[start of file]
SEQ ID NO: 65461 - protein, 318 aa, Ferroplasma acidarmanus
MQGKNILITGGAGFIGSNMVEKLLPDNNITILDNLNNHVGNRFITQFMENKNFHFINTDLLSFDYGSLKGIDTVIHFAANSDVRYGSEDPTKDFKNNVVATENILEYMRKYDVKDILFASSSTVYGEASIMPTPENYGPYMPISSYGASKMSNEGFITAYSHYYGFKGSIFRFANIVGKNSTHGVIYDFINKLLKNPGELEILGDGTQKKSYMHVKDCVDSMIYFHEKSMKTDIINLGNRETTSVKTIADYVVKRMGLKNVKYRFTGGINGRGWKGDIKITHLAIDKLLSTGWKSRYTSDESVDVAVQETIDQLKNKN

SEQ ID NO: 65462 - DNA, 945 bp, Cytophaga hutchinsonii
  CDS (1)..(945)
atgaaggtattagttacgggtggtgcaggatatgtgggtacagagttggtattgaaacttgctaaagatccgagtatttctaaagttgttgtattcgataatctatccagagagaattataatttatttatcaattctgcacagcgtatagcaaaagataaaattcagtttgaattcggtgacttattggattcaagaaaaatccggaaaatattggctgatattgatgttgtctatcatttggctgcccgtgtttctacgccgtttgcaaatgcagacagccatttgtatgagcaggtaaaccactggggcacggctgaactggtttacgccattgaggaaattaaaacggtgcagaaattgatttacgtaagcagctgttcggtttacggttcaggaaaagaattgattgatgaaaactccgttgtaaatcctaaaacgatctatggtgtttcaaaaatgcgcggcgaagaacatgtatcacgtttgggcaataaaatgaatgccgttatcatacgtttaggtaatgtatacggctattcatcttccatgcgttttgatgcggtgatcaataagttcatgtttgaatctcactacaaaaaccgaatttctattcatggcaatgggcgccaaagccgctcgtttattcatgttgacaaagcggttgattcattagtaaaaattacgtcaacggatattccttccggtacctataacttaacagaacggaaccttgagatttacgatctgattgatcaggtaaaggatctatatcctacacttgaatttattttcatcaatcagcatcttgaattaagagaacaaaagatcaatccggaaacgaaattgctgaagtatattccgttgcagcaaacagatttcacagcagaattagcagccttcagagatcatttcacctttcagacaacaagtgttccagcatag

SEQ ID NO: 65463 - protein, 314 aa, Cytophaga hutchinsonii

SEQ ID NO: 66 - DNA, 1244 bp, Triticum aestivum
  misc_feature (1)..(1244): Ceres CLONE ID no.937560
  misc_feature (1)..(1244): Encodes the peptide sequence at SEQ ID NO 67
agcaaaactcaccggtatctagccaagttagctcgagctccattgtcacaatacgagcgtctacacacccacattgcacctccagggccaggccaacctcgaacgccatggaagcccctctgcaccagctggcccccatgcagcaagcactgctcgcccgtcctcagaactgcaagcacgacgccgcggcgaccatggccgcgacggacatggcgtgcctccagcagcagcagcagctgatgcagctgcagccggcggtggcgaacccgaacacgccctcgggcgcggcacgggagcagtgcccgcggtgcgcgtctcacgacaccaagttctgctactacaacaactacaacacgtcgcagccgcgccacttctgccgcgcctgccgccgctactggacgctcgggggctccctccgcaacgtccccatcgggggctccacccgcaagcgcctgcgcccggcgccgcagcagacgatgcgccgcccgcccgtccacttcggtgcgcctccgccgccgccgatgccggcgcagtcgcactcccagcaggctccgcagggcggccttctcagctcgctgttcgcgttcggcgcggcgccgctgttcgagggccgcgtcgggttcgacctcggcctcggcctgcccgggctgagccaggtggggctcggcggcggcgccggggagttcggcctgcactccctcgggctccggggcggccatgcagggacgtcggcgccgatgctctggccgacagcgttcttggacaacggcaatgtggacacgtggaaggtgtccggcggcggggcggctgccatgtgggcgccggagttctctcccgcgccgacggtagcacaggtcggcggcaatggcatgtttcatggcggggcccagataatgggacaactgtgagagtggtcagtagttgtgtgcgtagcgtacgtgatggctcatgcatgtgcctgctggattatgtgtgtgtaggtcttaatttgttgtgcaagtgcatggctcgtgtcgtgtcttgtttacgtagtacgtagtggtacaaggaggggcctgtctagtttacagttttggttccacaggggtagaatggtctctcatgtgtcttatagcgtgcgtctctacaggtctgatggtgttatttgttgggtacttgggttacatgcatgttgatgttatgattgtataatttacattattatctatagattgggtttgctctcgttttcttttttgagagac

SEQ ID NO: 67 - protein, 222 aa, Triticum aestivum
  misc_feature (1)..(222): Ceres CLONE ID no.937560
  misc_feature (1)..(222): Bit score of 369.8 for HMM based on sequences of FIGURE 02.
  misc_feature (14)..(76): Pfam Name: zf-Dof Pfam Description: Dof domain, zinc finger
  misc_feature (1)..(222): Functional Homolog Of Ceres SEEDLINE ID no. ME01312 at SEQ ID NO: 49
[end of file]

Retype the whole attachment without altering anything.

SEQ ID NO: 65461 - protein, 318 aa, Ferroplasma acidarmanus
MQGKNILITGGAGFIGSNMVEKLLPDNNITILDNLNNHVGNRFITQFMENKNFHFINTDLLSFDYGSLKGIDTVIHFAANSDVRYGSEDPTKDFKNNVVATENILEYMRKYDVKDILFASSSTVYGEASIMPTPENYGPYMPISSYGASKMSNEGFITAYSHYYGFKGSIFRFANIVGKNSTHGVIYDFINKLLKNPGELEILGDGTQKKSYMHVKDCVDSMIYFHEKSMKTDIINLGNRETTSVKTIADYVVKRMGLKNVKYRFTGGINGRGWKGDIKITHLAIDKLLSTGWKSRYTSDESVDVAVQETIDQLKNKN

SEQ ID NO: 65462 - DNA, 945 bp, Cytophaga hutchinsonii
  CDS (1)..(945)
atgaaggtattagttacgggtggtgcaggatatgtgggtacagagttggtattgaaacttgctaaagatccgagtatttctaaagttgttgtattcgataatctatccagagagaattataatttatttatcaattctgcacagcgtatagcaaaagataaaattcagtttgaattcggtgacttattggattcaagaaaaatccggaaaatattggctgatattgatgttgtctatcatttggctgcccgtgtttctacgccgtttgcaaatgcagacagccatttgtatgagcaggtaaaccactggggcacggctgaactggtttacgccattgaggaaattaaaacggtgcagaaattgatttacgtaagcagctgttcggtttacggttcaggaaaagaattgattgatgaaaactccgttgtaaatcctaaaacgatctatggtgtttcaaaaatgcgcggcgaagaacatgtatcacgtttgggcaataaaatgaatgccgttatcatacgtttaggtaatgtatacggctattcatcttccatgcgttttgatgcggtgatcaataagttcatgtttgaatctcactacaaaaaccgaatttctattcatggcaatgggcgccaaagccgctcgtttattcatgttgacaaagcggttgattcattagtaaaaattacgtcaacggatattccttccggtacctataacttaacagaacggaaccttgagatttacgatctgattgatcaggtaaaggatctatatcctacacttgaatttattttcatcaatcagcatcttgaattaagagaacaaaagatcaatccggaaacgaaattgctgaagtatattccgttgcagcaaacagatttcacagcagaattagcagccttcagagatcatttcacctttcagacaacaagtgttccagcatag

SEQ ID NO: 65463 - protein, 314 aa, Cytophaga hutchinsonii

SEQ ID NO: 66 - DNA, 1244 bp, Triticum aestivum
  misc_feature (1)..(1244): Ceres CLONE ID no.937560
  misc_feature (1)..(1244): Encodes the peptide sequence at SEQ ID NO 67
agcaaaactcaccggtatctagccaagttagctcgagctccattgtcacaatacgagcgtctacacacccacattgcacctccagggccaggccaacctcgaacgccatggaagcccctctgcaccagctggcccccatgcagcaagcactgctcgcccgtcctcagaactgcaagcacgacgccgcggcgaccatggccgcgacggacatggcgtgcctccagcagcagcagcagctgatgcagctgcagccggcggtggcgaacccgaacacgccctcgggcgcggcacgggagcagtgcccgcggtgcgcgtctcacgacaccaagttctgctactacaacaactacaacacgtcgcagccgcgccacttctgccgcgcctgccgccgctactggacgctcgggggctccctccgcaacgtccccatcgggggctccacccgcaagcgcctgcgcccggcgccgcagcagacgatgcgccgcccgcccgtccacttcggtgcgcctccgccgccgccgatgccggcgcagtcgcactcccagcaggctccgcagggcggccttctcagctcgctgttcgcgttcggcgcggcgccgctgttcgagggccgcgtcgggttcgacctcggcctcggcctgcccgggctgagccaggtggggctcggcggcggcgccggggagttcggcctgcactccctcgggctccggggcggccatgcagggacgtcggcgccgatgctctggccgacagcgttcttggacaacggcaatgtggacacgtggaaggtgtccggcggcggggcggctgccatgtgggcgccggagttctctcccgcgccgacggtagcacaggtcggcggcaatggcatgtttcatggcggggcccagataatgggacaactgtgagagtggtcagtagttgtgtgcgtagcgtacgtgatggctcatgcatgtgcctgctggattatgtgtgtgtaggtcttaatttgttgtgcaagtgcatggctcgtgtcgtgtcttgtttacgtagtacgtagtggtacaaggaggggcctgtctagtttacagttttggttccacaggggtagaatggtctctcatgtgtcttatagcgtgcgtctctacaggtctgatggtgttatttgttgggtacttgggttacatgcatgttgatgttatgattgtataatttacattattatctatagattgggtttgctctcgttttcttttttgagagac

SEQ ID NO: 67 - protein, 222 aa, Triticum aestivum
  misc_feature (1)..(222): Ceres CLONE ID no.937560
  misc_feature (1)..(222): Bit score of 369.8 for HMM based on sequences of FIGURE 02.
  misc_feature (14)..(76): Pfam Name: zf-Dof Pfam Description: Dof domain, zinc finger
  misc_feature (1)..(222): Functional Homolog Of Ceres SEEDLINE ID no. ME01312 at SEQ ID NO: 49